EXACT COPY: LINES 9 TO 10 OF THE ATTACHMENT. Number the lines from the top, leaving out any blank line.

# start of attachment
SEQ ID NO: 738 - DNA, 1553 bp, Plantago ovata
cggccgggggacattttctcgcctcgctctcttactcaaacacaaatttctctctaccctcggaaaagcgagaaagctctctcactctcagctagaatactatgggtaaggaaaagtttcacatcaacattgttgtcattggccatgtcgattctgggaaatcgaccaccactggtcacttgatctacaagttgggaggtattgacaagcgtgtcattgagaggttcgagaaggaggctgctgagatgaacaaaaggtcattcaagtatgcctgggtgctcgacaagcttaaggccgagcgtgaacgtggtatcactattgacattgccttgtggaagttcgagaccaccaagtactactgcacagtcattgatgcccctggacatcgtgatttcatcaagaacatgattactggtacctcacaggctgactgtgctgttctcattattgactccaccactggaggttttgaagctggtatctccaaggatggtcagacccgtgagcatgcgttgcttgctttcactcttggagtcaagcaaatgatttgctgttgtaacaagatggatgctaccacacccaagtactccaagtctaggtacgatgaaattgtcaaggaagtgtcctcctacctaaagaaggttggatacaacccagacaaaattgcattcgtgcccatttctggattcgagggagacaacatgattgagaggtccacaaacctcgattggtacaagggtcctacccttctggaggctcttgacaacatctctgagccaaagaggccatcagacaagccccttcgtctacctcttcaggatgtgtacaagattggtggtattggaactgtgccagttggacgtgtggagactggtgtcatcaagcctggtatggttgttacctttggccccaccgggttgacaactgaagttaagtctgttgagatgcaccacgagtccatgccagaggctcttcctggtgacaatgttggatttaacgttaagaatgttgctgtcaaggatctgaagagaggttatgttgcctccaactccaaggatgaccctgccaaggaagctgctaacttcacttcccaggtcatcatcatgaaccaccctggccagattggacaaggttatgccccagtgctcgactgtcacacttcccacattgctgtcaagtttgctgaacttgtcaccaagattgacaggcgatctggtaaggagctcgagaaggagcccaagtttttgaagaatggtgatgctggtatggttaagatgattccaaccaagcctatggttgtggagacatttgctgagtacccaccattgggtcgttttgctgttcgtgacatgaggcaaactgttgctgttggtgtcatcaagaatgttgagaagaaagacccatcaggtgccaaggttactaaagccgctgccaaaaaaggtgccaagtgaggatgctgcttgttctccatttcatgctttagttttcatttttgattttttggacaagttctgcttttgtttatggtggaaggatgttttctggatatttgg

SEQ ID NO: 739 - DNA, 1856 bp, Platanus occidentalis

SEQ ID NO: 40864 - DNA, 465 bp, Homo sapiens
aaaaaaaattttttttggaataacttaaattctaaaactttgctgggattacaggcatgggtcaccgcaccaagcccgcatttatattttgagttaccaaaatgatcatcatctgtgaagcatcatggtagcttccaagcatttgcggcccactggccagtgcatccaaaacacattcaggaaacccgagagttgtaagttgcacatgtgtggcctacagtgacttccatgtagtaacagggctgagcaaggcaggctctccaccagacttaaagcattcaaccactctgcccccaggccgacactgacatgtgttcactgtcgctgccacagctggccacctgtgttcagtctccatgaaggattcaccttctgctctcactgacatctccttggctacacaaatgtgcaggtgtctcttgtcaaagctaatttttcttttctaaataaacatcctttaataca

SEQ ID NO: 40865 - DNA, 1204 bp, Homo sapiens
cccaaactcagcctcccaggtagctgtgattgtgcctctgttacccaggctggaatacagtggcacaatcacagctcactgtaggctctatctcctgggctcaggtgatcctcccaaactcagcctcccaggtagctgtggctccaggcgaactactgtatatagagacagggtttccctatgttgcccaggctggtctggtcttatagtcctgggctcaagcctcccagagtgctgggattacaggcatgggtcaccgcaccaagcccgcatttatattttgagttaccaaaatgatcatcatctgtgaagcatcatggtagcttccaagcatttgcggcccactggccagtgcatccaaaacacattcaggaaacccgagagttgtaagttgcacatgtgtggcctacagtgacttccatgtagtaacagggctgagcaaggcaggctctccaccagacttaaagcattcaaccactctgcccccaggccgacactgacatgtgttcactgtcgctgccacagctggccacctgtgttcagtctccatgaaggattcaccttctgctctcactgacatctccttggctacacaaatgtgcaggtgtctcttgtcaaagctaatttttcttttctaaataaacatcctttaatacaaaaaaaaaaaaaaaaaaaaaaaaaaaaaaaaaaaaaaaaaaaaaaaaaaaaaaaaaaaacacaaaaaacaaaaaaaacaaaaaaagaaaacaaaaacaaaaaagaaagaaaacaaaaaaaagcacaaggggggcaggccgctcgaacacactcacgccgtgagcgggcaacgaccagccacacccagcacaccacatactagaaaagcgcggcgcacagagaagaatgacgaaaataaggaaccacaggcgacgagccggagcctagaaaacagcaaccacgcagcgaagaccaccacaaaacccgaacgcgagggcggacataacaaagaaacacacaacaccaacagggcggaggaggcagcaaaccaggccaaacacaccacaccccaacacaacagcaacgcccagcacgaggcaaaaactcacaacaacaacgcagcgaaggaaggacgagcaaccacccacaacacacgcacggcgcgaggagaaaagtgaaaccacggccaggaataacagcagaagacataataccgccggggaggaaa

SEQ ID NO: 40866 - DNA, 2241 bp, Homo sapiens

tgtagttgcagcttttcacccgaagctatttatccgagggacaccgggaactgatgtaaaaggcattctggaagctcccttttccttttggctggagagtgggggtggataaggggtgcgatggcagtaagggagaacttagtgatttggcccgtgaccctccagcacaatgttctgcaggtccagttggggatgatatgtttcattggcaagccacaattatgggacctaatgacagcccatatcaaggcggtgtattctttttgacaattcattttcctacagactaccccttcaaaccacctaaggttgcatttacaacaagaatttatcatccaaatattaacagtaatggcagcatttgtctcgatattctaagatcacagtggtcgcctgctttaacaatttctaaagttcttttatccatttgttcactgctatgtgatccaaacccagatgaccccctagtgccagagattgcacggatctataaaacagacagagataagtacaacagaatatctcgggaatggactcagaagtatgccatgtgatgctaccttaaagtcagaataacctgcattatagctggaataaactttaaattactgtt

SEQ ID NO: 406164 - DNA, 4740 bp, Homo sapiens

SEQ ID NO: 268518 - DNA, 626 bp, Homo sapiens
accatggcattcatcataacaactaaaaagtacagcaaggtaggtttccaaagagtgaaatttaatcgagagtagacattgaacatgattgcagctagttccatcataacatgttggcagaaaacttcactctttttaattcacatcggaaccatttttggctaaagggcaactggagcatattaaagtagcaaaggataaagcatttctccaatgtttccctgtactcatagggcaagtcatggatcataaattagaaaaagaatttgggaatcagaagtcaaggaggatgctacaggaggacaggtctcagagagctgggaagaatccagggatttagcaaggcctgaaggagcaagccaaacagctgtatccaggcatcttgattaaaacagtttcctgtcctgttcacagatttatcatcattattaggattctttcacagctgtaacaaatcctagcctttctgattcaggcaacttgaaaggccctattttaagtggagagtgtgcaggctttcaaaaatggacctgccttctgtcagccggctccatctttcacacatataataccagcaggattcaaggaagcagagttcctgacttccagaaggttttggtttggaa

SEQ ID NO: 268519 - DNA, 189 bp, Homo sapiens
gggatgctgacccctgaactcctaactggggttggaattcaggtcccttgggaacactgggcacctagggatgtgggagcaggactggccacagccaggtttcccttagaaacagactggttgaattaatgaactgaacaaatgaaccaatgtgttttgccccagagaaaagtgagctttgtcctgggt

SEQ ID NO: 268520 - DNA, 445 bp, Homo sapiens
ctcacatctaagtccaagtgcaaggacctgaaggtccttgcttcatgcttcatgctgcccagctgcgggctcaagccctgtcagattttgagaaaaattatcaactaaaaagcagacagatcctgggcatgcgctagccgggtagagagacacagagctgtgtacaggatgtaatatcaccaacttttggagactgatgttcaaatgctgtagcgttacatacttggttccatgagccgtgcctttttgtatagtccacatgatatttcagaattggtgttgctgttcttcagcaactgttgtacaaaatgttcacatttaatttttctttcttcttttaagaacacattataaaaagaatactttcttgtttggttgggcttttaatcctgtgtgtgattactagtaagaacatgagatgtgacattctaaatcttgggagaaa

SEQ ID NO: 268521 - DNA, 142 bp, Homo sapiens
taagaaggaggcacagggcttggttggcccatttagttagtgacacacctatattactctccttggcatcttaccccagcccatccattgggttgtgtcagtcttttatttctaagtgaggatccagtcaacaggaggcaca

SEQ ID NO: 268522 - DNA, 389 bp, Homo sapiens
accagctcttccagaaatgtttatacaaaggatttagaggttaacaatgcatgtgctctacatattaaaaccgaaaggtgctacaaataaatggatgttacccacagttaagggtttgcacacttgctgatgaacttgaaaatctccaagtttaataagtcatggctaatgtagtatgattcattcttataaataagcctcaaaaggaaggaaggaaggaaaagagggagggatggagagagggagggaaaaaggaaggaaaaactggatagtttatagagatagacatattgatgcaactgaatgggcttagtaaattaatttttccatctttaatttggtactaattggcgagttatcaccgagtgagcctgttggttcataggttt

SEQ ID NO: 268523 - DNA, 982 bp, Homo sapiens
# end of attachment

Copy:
tgtagttgcagcttttcacccgaagctatttatccgagggacaccgggaactgatgtaaaaggcattctggaagctcccttttccttttggctggagagtgggggtggataaggggtgcgatggcagtaagggagaacttagtgatttggcccgtgaccctccagcacaatgttctgcaggtccagttggggatgatatgtttcattggcaagccacaattatgggacctaatgacagcccatatcaaggcggtgtattctttttgacaattcattttcctacagactaccccttcaaaccacctaaggttgcatttacaacaagaatttatcatccaaatattaacagtaatggcagcatttgtctcgatattctaagatcacagtggtcgcctgctttaacaatttctaaagttcttttatccatttgttcactgctatgtgatccaaacccagatgaccccctagtgccagagattgcacggatctataaaacagacagagataagtacaacagaatatctcgggaatggactcagaagtatgccatgtgatgctaccttaaagtcagaataacctgcattatagctggaataaactttaaattactgtt

SEQ ID NO: 406164 - DNA, 4740 bp, Homo sapiens